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Naples clean-up under way

  • Story Highlights
  • Italian PM Berlusconi to declare worst of Naples garbage crisis is over
  • CNN reporter discovers districts where residents still throwing trash into street
  • Crisis flared up December 31, when one of two municipal dumps closed
  • Berlusconi appointed "garbage czar" in May to focus on the crisis
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NAPLES, Italy (CNN) -- The Italian prime minister plans to declare Friday that the worst part of a garbage crisis in Naples is over, even though a visit to one neighborhood found residents still living amid huge piles of trash.

People walk on a road strewn with uncollected garbage in Pianura on the outskirts of Naples.

Garbage has been piling up in the streets of Naples since a municipal dump was closed on December 31.

Prime Minister Silvio Berlusconi is due to make the announcement after a cabinet meeting in Naples, according to the national ANSA news agency. He is expected to say that the first phase of his government's response to the crisis -- the emergency phase -- is over.

That first phase has involved cleaning up rotting garbage that has accumulated in the streets since the government closed one of two dumps in this southern Italian city.

Now, Berlusconi plans to focus on the second phase of his response to the garbage crisis. That involves long-term solutions such as implementing a viable system of garbage collection, incineration and recycling.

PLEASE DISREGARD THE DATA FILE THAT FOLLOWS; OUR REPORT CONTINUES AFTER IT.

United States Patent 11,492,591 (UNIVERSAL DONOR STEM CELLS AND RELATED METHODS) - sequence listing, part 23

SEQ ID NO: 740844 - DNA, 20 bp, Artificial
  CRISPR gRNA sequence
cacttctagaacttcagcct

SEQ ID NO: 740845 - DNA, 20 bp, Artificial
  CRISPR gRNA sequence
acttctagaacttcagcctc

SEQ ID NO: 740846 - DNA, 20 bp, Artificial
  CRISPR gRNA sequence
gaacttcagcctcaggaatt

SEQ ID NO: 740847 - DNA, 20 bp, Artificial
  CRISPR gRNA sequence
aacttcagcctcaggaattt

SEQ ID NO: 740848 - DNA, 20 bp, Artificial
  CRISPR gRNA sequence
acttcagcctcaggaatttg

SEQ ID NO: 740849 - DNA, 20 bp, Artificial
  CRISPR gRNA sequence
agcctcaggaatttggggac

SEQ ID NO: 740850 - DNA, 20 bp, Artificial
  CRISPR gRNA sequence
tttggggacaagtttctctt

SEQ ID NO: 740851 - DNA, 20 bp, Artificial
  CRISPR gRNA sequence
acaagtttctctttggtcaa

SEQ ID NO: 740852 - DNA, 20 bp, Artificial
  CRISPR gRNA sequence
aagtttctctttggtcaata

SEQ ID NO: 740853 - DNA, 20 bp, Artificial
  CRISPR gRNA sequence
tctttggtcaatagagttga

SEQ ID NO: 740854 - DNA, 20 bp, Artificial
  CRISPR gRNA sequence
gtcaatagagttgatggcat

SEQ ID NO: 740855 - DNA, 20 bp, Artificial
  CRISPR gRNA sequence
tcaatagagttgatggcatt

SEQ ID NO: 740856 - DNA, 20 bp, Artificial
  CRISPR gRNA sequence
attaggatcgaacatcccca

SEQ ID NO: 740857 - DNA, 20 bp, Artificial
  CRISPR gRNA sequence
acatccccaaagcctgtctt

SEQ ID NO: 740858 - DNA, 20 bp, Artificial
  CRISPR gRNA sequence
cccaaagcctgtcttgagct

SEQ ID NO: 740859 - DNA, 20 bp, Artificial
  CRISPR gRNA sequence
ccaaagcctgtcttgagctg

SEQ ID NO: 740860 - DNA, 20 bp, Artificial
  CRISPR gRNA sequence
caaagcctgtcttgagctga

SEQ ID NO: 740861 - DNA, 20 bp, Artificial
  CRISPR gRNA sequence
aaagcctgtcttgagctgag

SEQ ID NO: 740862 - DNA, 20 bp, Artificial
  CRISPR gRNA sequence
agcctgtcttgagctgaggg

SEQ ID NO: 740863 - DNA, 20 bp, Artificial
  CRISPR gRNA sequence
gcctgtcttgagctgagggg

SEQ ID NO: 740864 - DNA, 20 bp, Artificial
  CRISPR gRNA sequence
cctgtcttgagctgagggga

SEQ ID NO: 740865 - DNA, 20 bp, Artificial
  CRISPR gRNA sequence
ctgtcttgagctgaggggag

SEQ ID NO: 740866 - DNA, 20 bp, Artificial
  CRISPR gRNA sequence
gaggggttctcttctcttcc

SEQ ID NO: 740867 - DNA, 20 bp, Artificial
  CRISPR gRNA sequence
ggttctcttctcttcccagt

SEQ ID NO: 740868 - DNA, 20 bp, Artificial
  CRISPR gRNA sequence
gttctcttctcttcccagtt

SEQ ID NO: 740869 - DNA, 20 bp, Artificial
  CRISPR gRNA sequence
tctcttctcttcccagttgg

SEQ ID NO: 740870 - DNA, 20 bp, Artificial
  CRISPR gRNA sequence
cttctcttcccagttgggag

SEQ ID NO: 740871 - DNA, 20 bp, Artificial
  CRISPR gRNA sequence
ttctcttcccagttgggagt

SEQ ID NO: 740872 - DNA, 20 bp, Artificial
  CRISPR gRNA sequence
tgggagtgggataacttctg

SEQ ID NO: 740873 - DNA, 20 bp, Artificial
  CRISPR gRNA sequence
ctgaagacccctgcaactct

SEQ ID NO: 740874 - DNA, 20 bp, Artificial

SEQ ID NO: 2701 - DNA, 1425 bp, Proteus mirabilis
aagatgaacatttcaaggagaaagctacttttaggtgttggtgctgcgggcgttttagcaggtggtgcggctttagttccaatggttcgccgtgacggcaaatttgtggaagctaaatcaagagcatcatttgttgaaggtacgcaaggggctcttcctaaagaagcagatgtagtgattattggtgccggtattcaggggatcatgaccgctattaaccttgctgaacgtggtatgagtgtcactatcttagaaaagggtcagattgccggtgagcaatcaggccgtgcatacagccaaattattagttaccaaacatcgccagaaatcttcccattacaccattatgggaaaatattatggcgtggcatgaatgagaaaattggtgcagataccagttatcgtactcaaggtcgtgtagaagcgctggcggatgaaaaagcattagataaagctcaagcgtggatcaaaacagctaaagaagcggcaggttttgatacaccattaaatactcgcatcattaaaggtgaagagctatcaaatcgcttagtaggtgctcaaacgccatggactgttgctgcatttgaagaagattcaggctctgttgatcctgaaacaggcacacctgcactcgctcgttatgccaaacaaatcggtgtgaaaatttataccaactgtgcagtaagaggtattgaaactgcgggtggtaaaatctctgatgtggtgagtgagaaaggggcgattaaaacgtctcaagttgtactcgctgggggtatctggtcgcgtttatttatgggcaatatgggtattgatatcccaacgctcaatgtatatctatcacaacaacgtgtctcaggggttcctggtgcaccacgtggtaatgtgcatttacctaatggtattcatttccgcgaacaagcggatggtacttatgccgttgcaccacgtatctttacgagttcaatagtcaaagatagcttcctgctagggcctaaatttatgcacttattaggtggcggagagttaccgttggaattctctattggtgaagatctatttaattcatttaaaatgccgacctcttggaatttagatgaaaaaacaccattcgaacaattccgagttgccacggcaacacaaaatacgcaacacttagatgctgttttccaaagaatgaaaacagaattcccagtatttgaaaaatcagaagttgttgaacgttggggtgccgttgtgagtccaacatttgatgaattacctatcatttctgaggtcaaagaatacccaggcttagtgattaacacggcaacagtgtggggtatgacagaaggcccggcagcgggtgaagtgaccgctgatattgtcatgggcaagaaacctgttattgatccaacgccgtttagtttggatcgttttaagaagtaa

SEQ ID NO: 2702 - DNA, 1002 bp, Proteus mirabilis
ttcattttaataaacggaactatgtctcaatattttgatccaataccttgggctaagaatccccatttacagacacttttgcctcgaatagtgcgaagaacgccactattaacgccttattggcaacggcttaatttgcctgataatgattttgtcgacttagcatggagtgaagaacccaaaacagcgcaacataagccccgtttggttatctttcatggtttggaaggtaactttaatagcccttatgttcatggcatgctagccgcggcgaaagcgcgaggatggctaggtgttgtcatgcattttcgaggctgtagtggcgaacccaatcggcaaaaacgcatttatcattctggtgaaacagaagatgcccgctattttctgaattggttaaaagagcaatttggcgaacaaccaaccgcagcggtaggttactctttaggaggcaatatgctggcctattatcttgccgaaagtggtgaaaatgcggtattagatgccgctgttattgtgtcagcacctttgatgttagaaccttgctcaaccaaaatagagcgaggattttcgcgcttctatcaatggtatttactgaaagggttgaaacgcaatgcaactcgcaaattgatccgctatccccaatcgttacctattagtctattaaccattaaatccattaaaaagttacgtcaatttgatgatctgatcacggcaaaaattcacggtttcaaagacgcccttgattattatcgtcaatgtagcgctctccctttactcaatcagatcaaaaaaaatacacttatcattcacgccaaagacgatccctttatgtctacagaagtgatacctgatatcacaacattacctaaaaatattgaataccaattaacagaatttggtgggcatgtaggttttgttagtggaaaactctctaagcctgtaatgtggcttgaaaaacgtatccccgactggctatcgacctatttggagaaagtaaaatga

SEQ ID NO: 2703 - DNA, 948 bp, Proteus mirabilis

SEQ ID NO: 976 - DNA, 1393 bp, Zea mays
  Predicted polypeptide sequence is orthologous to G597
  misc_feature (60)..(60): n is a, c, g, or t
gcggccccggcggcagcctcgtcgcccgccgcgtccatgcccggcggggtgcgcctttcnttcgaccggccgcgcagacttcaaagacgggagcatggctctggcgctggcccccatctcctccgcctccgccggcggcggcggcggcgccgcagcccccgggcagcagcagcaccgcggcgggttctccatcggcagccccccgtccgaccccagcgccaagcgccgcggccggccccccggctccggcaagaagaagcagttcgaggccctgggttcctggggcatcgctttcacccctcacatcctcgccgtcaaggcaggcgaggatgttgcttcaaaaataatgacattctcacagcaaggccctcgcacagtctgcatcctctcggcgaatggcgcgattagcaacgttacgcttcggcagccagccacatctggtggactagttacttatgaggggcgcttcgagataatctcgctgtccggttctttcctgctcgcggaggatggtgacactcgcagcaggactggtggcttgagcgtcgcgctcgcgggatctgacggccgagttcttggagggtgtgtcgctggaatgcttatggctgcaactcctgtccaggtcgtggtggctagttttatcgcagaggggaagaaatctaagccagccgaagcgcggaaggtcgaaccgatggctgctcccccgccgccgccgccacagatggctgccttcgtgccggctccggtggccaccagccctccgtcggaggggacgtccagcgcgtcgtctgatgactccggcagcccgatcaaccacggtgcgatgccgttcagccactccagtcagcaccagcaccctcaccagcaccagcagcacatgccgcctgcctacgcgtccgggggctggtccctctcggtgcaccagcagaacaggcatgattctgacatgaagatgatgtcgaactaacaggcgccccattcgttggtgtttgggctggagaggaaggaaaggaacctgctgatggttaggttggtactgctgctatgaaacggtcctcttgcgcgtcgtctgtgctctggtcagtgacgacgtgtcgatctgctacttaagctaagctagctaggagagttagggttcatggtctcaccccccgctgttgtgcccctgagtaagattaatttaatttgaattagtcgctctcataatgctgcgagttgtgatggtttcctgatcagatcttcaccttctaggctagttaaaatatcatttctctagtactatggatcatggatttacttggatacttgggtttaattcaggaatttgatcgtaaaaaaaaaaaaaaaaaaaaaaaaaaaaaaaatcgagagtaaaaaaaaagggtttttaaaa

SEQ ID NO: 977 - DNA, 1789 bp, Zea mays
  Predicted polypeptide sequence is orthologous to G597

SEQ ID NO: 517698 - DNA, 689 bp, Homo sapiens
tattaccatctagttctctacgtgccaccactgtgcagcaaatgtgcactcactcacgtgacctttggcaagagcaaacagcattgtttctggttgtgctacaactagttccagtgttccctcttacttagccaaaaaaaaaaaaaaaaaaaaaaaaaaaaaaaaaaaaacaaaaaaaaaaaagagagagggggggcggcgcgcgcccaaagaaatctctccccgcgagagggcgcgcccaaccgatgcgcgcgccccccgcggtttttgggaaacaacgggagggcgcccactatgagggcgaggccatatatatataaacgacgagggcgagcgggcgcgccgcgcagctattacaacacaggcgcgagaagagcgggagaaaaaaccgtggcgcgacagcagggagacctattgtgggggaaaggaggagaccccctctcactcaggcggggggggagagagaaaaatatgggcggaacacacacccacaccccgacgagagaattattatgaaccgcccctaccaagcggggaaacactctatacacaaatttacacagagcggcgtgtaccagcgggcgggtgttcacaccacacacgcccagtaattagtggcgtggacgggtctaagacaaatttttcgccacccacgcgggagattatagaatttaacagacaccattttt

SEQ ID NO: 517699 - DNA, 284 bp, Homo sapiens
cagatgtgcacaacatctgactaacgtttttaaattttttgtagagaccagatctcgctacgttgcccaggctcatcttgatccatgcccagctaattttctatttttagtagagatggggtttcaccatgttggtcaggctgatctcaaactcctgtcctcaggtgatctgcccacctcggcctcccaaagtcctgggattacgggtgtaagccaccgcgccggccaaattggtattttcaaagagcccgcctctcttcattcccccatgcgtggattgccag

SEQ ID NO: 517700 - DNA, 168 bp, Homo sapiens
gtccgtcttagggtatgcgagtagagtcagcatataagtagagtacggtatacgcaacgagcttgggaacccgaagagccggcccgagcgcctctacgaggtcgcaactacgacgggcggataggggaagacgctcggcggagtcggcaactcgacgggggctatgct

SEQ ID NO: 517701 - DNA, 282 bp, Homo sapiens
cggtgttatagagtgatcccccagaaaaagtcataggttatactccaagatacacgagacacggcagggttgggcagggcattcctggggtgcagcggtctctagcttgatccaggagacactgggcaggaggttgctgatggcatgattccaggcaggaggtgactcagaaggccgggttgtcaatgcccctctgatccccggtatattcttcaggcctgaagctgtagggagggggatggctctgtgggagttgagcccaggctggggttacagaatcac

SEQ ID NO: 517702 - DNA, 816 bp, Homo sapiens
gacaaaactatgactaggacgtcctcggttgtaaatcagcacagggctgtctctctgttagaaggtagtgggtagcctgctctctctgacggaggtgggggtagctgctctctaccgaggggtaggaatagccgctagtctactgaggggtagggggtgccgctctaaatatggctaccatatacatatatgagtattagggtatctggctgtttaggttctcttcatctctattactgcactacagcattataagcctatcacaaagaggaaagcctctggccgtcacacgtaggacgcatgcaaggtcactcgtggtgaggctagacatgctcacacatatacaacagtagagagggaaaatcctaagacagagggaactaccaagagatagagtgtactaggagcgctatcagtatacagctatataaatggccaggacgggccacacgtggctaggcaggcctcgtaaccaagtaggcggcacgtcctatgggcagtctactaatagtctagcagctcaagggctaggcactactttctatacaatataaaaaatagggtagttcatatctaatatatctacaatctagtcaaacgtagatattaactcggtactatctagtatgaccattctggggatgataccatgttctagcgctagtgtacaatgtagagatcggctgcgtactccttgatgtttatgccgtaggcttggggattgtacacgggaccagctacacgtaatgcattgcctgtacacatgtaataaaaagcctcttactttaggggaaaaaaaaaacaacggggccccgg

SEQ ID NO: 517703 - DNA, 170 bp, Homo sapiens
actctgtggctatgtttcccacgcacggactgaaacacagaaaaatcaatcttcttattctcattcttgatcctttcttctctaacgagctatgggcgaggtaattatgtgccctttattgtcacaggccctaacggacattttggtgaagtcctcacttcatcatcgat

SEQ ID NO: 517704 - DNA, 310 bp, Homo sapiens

Despite the prime minister's planned announcement, however, a CNN correspondent who visited one neighborhood on the outskirts of Naples on Friday found residents still tossing garbage into the street. They said they had nowhere else to put it and complained of a lack of trash bins and recycling facilities.

The piles were smaller than a few months ago, and the odor was not as bad, but the visit demonstrated that Berlusconi and his government have a long way to go in addressing the crisis. See trash piled high

The prime minister told ANSA that the government had made great strides in addressing the problems.

"Besides the 7,000 tons collected per day," he said, "we have collected 35,000 tons that were left unaddressed."

Naples' garbage problems have been around in some form for nearly 15 years, but they flared December 31, when the Italian government closed one of the area's two working dumps at the request of nearby residents.

As trash piled up, officials closed some schools to protect children from noxious fumes.


The government moved some waste to temporary landfills and even shipped some of it to other parts of Italy and Europe.

In May, two months after he took office, Berlusconi appointed a "garbage czar" to focus on the crisis, giving him the authority to open new dump sites and landfills in the region.

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